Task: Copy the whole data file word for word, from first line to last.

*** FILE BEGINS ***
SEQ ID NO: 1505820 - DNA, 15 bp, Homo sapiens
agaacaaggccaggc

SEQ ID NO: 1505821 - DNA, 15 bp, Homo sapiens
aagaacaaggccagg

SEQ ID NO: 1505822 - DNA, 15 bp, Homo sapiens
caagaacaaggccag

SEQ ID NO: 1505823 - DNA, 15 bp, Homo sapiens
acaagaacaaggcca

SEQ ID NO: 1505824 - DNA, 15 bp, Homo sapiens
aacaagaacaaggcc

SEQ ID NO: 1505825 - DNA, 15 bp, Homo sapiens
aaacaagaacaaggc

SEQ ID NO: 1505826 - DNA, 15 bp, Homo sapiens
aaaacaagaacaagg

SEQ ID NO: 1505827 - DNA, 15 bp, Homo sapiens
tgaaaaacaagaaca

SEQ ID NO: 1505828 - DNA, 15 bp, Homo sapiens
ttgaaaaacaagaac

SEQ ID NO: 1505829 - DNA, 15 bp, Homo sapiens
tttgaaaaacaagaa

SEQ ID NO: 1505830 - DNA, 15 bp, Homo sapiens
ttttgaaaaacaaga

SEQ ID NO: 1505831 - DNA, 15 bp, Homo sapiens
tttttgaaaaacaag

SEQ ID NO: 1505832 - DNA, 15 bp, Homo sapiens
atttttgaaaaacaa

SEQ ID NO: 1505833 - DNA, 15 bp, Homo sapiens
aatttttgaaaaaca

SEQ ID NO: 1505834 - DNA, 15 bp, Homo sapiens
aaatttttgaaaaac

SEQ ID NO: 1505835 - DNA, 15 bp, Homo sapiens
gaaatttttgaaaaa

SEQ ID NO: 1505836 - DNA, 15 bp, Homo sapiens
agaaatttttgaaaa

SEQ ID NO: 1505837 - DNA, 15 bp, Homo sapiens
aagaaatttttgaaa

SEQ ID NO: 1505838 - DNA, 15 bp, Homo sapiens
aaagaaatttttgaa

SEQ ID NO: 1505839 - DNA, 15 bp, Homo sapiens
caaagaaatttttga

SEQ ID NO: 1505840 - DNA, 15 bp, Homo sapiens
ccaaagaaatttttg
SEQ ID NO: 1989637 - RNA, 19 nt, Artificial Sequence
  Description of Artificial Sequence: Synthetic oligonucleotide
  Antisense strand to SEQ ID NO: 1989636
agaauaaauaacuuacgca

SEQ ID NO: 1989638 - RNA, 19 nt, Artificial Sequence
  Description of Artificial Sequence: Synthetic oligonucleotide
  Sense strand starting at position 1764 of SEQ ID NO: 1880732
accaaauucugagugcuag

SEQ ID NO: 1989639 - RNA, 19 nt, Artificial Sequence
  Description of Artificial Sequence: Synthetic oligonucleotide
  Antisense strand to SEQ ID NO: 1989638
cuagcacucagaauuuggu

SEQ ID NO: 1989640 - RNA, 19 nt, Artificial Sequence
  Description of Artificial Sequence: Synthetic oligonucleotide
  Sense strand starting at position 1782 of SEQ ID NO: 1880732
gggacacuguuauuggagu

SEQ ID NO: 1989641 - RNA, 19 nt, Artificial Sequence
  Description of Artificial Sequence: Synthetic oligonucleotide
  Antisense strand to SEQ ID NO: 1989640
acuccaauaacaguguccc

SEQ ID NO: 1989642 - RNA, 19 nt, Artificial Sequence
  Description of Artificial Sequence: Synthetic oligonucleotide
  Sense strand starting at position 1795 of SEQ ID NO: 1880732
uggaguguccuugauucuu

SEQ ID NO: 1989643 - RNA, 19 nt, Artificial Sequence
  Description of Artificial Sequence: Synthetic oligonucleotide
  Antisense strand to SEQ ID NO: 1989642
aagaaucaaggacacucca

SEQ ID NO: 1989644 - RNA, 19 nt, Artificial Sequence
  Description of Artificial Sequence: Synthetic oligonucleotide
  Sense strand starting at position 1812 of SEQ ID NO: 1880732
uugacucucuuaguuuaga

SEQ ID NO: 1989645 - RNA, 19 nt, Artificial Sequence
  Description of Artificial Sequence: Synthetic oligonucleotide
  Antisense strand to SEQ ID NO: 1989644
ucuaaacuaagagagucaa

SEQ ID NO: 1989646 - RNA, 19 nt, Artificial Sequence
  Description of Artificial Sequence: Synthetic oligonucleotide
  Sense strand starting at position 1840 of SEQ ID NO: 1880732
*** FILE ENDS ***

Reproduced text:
SEQ ID NO: 1505820 - DNA, 15 bp, Homo sapiens
agaacaaggccaggc

SEQ ID NO: 1505821 - DNA, 15 bp, Homo sapiens
aagaacaaggccagg

SEQ ID NO: 1505822 - DNA, 15 bp, Homo sapiens
caagaacaaggccag

SEQ ID NO: 1505823 - DNA, 15 bp, Homo sapiens
acaagaacaaggcca

SEQ ID NO: 1505824 - DNA, 15 bp, Homo sapiens
aacaagaacaaggcc

SEQ ID NO: 1505825 - DNA, 15 bp, Homo sapiens
aaacaagaacaaggc

SEQ ID NO: 1505826 - DNA, 15 bp, Homo sapiens
aaaacaagaacaagg

SEQ ID NO: 1505827 - DNA, 15 bp, Homo sapiens
tgaaaaacaagaaca

SEQ ID NO: 1505828 - DNA, 15 bp, Homo sapiens
ttgaaaaacaagaac

SEQ ID NO: 1505829 - DNA, 15 bp, Homo sapiens
tttgaaaaacaagaa

SEQ ID NO: 1505830 - DNA, 15 bp, Homo sapiens
ttttgaaaaacaaga

SEQ ID NO: 1505831 - DNA, 15 bp, Homo sapiens
tttttgaaaaacaag

SEQ ID NO: 1505832 - DNA, 15 bp, Homo sapiens
atttttgaaaaacaa

SEQ ID NO: 1505833 - DNA, 15 bp, Homo sapiens
aatttttgaaaaaca

SEQ ID NO: 1505834 - DNA, 15 bp, Homo sapiens
aaatttttgaaaaac

SEQ ID NO: 1505835 - DNA, 15 bp, Homo sapiens
gaaatttttgaaaaa

SEQ ID NO: 1505836 - DNA, 15 bp, Homo sapiens
agaaatttttgaaaa

SEQ ID NO: 1505837 - DNA, 15 bp, Homo sapiens
aagaaatttttgaaa

SEQ ID NO: 1505838 - DNA, 15 bp, Homo sapiens
aaagaaatttttgaa

SEQ ID NO: 1505839 - DNA, 15 bp, Homo sapiens
caaagaaatttttga

SEQ ID NO: 1505840 - DNA, 15 bp, Homo sapiens
ccaaagaaatttttg
SEQ ID NO: 1989637 - RNA, 19 nt, Artificial Sequence
  Description of Artificial Sequence: Synthetic oligonucleotide
  Antisense strand to SEQ ID NO: 1989636
agaauaaauaacuuacgca

SEQ ID NO: 1989638 - RNA, 19 nt, Artificial Sequence
  Description of Artificial Sequence: Synthetic oligonucleotide
  Sense strand starting at position 1764 of SEQ ID NO: 1880732
accaaauucugagugcuag

SEQ ID NO: 1989639 - RNA, 19 nt, Artificial Sequence
  Description of Artificial Sequence: Synthetic oligonucleotide
  Antisense strand to SEQ ID NO: 1989638
cuagcacucagaauuuggu

SEQ ID NO: 1989640 - RNA, 19 nt, Artificial Sequence
  Description of Artificial Sequence: Synthetic oligonucleotide
  Sense strand starting at position 1782 of SEQ ID NO: 1880732
gggacacuguuauuggagu

SEQ ID NO: 1989641 - RNA, 19 nt, Artificial Sequence
  Description of Artificial Sequence: Synthetic oligonucleotide
  Antisense strand to SEQ ID NO: 1989640
acuccaauaacaguguccc

SEQ ID NO: 1989642 - RNA, 19 nt, Artificial Sequence
  Description of Artificial Sequence: Synthetic oligonucleotide
  Sense strand starting at position 1795 of SEQ ID NO: 1880732
uggaguguccuugauucuu

SEQ ID NO: 1989643 - RNA, 19 nt, Artificial Sequence
  Description of Artificial Sequence: Synthetic oligonucleotide
  Antisense strand to SEQ ID NO: 1989642
aagaaucaaggacacucca

SEQ ID NO: 1989644 - RNA, 19 nt, Artificial Sequence
  Description of Artificial Sequence: Synthetic oligonucleotide
  Sense strand starting at position 1812 of SEQ ID NO: 1880732
uugacucucuuaguuuaga

SEQ ID NO: 1989645 - RNA, 19 nt, Artificial Sequence
  Description of Artificial Sequence: Synthetic oligonucleotide
  Antisense strand to SEQ ID NO: 1989644
ucuaaacuaagagagucaa

SEQ ID NO: 1989646 - RNA, 19 nt, Artificial Sequence
  Description of Artificial Sequence: Synthetic oligonucleotide
  Sense strand starting at position 1840 of SEQ ID NO: 1880732